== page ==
Sylvia was a Shiba Inu dog who became lost and then sadly drowned off Newborough Beach in January 2015.
In memory of Sylvia
In a gesture of gratitude to the local people who helped search for Sylvia, and as a lasting memorial to the little dog, her owner commissioned a new bench.
The bench is now in place at the edge of the forest looking across the warren, to the mountains and the big forever beyond.
Sylvia’s bench and the view across the warren to the mountains beyond
You will find the bench about halfway along the path that leads from the Marram Grass car park (Llyn Rhos Ddu) to the edge of the forest and down to the sea.
Sunset from the viewing platform, Newborough
It’s only a year since the viewing platform at the edge of Newborough beach was built, but its future is already looking a little precarious. The dunes it is built on have eroded back by about four metres, meaning the platform is now teetering on the very edge of them. And with the new moon and high tides of the new year coming together with the persistent storms, who knows what will happen. A good reason to make the most of it now:)
Happy New Year – Blwyddyn Newydd Dda!
Last night’s strong winds and stormy seas have left their mark on the new boardwalk at Newborough: it now ends abruptly on the edge of a mini cliff of sand.
The boardwalk section that has been undermined at Newborough beach
The sections of the boardwalk that are missing have been washed along the shore.
And some of the boards that have been washed along the shore.
A cardinal marker buoy has also broken free from its moorings and is now sitting high on the beach near the main car park. The black fins on the marker buoy indicate the direction to which mariners should pass – in this case, as the arrows are pointing downwards, boats should’ve sailed to the south side of the buoy (when it was in situ, obviously).
And the marker buoy that has broken free and washed ashore.
Newborough forest pines at the edge of the shore
The Forestry Commission began planting Newborough forest back in the 1940s. It is now an established and diverse forest of immense character and beauty. The forest makes a beautiful backdrop to areas of the beaches of Llanddwyn and Penrhos.
Since April of this year, the Forestry Commission (Wales) has been subsumed into Natural Resources Wales (NRW). Whereas the Forestry Commission’s mission was (and still is in England, Scotland and Northern Ireland) to “protect and expand forests and woodlands” NRW’s mission is to “make the most of our natural resources”. Rather a bland and uninformative mission really. They also want to fell and then destump parts of Newborough Forest that abut the shore.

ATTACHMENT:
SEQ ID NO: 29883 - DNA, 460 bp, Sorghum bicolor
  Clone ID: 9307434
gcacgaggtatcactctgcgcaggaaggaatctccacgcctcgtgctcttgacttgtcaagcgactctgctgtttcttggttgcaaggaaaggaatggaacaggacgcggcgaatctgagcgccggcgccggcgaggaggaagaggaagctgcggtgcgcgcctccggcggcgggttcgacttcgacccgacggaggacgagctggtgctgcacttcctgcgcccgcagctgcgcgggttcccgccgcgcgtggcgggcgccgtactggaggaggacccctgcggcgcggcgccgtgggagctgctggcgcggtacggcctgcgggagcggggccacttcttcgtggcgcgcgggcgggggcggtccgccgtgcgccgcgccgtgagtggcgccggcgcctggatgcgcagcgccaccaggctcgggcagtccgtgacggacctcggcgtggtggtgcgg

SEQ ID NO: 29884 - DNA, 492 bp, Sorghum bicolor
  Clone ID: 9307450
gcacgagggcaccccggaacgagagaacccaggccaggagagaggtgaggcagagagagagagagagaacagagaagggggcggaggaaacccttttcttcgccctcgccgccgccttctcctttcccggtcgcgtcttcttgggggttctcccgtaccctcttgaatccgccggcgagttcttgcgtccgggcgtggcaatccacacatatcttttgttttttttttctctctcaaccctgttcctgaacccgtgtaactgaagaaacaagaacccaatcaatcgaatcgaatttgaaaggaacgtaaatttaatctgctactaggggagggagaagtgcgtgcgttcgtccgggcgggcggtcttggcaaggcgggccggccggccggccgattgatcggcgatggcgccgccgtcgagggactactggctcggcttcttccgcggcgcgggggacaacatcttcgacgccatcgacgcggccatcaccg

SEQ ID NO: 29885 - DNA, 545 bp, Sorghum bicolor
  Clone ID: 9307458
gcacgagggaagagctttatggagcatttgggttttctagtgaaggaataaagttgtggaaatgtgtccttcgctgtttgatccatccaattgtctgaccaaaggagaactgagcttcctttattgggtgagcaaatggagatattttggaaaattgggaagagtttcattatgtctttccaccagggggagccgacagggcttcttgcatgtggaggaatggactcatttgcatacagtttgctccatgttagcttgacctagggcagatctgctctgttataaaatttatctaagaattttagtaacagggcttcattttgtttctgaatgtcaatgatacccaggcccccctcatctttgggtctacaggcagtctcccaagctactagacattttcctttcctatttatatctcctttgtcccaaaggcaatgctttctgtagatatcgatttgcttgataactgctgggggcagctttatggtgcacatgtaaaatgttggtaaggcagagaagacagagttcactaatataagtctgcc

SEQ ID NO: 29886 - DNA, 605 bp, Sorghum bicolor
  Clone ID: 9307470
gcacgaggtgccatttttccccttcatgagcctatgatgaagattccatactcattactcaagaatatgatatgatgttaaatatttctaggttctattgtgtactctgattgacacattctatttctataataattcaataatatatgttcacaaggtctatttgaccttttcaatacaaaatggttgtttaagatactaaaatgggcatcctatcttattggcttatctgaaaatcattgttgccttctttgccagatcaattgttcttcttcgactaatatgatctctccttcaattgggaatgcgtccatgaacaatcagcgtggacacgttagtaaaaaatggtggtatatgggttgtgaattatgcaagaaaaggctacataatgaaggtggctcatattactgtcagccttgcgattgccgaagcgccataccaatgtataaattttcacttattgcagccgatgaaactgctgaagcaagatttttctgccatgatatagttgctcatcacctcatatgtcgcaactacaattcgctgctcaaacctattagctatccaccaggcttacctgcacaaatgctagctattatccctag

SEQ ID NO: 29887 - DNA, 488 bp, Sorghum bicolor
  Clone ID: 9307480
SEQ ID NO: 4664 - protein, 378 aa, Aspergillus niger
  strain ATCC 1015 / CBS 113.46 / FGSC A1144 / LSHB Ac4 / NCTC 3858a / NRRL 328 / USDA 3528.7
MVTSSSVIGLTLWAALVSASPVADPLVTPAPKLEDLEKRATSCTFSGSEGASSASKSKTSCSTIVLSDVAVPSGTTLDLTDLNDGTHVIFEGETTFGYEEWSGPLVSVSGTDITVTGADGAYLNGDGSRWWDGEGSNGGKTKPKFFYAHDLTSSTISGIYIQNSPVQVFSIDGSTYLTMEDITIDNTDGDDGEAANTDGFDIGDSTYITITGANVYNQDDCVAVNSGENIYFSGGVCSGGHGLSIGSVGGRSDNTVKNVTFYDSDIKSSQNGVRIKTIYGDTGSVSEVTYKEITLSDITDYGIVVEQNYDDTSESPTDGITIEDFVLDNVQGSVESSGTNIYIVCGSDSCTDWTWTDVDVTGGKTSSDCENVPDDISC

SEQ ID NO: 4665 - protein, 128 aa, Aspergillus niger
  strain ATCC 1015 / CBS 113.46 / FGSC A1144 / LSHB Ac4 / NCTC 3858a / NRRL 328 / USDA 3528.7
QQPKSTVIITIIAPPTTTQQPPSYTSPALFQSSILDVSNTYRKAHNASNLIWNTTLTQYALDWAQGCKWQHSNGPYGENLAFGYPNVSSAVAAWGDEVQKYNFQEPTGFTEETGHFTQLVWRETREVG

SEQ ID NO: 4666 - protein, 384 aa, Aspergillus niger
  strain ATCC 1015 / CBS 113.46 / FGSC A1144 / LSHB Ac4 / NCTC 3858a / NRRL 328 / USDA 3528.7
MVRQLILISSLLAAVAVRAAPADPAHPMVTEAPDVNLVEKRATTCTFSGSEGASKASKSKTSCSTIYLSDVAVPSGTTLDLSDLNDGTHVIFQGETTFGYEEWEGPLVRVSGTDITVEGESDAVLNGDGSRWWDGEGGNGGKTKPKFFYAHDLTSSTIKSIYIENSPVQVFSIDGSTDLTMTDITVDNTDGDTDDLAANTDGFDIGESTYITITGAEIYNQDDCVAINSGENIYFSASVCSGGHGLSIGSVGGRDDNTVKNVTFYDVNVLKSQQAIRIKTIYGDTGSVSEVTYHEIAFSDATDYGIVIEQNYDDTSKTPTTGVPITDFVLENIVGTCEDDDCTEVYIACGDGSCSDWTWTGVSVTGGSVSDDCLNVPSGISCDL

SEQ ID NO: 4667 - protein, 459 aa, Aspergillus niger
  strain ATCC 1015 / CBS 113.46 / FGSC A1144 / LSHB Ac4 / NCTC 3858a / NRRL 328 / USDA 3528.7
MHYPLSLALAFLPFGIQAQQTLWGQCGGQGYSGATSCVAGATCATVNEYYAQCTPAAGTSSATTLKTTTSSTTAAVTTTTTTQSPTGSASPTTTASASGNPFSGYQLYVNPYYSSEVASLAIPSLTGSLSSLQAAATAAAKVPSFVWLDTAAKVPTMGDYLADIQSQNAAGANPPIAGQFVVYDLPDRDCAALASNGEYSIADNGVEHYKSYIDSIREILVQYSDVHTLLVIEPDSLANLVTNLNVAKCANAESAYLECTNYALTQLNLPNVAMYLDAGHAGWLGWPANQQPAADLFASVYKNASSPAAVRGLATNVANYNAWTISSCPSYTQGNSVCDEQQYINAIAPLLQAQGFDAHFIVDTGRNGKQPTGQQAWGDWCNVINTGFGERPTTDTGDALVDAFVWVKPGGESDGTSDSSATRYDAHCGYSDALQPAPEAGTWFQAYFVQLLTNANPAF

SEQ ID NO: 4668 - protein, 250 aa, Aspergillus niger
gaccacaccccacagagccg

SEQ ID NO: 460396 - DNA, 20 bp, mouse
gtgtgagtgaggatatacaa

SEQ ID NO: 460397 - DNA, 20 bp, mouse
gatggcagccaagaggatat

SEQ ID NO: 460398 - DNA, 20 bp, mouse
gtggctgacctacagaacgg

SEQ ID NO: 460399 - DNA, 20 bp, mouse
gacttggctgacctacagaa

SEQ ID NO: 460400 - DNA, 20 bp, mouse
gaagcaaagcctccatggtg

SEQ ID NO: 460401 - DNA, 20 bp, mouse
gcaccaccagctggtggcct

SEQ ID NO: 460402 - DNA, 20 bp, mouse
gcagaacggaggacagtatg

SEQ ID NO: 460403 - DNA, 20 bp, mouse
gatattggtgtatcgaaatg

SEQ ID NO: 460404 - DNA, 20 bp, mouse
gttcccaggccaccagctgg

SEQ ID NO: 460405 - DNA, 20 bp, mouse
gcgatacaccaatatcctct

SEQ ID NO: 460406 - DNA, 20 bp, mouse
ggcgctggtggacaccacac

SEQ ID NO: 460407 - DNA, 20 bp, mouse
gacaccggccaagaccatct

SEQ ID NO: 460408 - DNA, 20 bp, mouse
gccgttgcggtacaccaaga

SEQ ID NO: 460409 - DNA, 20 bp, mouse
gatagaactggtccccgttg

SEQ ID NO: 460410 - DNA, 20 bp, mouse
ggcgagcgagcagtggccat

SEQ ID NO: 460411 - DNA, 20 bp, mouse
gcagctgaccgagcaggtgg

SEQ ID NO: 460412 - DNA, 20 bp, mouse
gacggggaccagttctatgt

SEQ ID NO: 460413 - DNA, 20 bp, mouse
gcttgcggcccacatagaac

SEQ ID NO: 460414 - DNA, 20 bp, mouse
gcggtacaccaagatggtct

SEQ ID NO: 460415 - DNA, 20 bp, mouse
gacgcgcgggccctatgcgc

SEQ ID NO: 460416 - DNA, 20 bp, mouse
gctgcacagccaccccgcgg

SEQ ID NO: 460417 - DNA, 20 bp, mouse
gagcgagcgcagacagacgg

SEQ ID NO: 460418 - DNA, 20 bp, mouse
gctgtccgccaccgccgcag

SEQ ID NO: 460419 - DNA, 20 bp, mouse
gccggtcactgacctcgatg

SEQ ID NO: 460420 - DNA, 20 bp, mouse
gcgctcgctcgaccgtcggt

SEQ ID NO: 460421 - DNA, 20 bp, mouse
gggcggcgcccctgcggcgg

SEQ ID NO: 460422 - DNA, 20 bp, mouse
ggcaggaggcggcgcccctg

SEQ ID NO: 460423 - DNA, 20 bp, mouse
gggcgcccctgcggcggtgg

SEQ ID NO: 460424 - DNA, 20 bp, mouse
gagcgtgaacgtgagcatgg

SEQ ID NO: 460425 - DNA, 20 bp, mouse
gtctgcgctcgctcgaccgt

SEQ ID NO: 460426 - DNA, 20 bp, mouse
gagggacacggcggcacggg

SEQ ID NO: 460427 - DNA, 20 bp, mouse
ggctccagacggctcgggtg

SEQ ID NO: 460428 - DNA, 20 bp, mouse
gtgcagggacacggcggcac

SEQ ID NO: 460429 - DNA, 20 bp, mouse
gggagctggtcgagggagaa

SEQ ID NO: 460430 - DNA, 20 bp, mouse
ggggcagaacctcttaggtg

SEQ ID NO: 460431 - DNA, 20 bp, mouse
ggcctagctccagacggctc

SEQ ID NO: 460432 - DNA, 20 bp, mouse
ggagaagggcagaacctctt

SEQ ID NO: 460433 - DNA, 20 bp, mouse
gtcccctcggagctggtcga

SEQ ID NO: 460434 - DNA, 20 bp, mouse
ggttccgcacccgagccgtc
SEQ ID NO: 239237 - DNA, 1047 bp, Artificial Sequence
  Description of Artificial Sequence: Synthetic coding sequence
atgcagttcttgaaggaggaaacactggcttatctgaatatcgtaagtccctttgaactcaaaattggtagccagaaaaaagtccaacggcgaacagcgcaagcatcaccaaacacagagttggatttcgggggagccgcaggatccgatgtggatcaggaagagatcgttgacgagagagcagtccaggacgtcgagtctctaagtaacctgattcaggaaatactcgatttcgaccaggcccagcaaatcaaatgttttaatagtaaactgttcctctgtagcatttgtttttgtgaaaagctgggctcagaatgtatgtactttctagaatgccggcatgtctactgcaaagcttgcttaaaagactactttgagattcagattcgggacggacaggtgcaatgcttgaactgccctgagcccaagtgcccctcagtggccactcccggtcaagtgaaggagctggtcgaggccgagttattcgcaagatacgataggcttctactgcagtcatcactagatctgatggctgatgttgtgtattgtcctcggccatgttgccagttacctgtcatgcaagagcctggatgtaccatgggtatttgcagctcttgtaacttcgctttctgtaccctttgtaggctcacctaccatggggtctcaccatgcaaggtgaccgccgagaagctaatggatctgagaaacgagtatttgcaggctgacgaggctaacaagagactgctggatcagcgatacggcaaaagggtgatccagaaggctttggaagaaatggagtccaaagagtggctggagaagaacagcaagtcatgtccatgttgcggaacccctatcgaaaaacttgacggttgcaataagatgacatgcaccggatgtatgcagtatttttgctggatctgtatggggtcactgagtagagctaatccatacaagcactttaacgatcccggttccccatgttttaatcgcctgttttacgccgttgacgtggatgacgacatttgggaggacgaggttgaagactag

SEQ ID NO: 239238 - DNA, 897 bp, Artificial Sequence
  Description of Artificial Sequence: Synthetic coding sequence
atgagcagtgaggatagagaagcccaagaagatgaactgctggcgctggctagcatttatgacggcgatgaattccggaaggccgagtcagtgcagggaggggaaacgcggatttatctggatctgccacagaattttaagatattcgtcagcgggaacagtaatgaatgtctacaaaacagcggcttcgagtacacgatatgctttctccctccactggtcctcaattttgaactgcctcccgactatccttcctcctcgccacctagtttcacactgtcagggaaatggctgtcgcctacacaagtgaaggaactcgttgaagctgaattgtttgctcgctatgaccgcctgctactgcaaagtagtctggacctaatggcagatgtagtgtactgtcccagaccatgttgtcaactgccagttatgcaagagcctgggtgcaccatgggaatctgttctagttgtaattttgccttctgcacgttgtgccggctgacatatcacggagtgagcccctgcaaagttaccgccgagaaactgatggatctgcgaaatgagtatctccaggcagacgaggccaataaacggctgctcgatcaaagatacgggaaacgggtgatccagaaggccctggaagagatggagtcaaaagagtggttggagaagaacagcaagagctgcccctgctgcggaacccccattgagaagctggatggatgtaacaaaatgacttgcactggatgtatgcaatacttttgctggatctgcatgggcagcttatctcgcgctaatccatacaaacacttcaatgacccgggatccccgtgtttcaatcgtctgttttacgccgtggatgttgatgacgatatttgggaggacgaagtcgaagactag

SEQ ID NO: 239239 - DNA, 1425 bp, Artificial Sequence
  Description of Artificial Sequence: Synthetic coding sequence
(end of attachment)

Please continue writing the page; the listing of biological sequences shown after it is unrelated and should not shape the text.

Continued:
Monterey cypresses and sprawling pines at the forest edge
These forest edges provide some of the most atmospheric scenery at Newborough with trees sculpted by the wind and skeletal remains of dead trees that the woodpeckers love to feed on. The area abounds with wildlife: but not, on the whole, the “right” wildlife.
The reasoning on NRW’s part is that the site is not complying with the requirements of its Special Area of Conservation status: a status confirmed in 2004…when the forest had already been in existence for nearly 60 years.
A smattering of holm oaks (ever-green oaks) survive on the forest edge
It’s a sadly ironic situation that on an island that already has so little tree-cover there will soon be less.
The track along the edge of the forest and the dunes.
On the siltier (not the sandy) beaches around Anglesey you’ll often find marsh samphire growing. It’s known by many names, including ‘poor man’s asparagus’, but it doesn’t taste much like asparagus!
One day, there will be no signs of the plants. But then all of a sudden they will start to appear: usually around the end of May or early June. Once they’ve emerged, they grow very quickly, soon resembling a miniature forest if you’re down at their level or a carpet of grass from above.
This mudflat will soon be covered by marsh samphire – this photo was taken on 7th June
…the little tiny shoots were just beginning to appear
This is the same spot 12 days later. Hundreds of plants are now quickly growing.
Marsh samphire is edible, and it’s not unpleasant. The youngest shoots can be eaten raw. They’re crunchy, juicy, salty and taste fresh and ‘green’. As the stems mature, they’re usually steamed or briefly boiled before being tossed in butter to serve.
When the plants are older still and they’ve become a little tough, some people pull the cooked plants through their teeth to extract the inner flesh, leaving the skins behind.
Marsh samphire’s botanical name is usually given as Salicornia europaea.
One of the commonest plants on the dunes at Newborough is the sea spurge (Euphorbia paralias). If you see it early in the year, before it forms flowers, it looks more like a sprawling kind of stonecrop than a spurge.
Sea spurge in April
But once the flowers have formed, it’s unmistakably spurge-like.
Sea spurge in flower: like many Euphorbias, it has no petals or sepals.
Flowering sea spurge (with spikes of marram grass flowers poking through)
One of the nicest things about the beach is that it changes all the time and every tide brings new things to see.
Last year, for the first time, I found a jelly blob. Clearly “jelly blob” is not the proper
term for it, but it does describe what it was like. A small (about 2cm across) blob of
clear jelly with jade coloured strands in it. I found out, via the Natural History Museum‘s
website, that it was actually an egg mass of the green leaf worm (Eulalia viridis). I have
kept looking, but so far I haven’t seen the adult worms.
A Jelly Blob – aka the egg mass of the green leaf worm (Eulalia viridis)
At the other extreme, was this Lion’s Mane jellyfish that washed up on Traeth Penrhos. Funnily enough, another name for this is sea blubber.
Lion’s mane (Cyanea capillata) jelly fish on Penrhos beach (and a size 5 foot)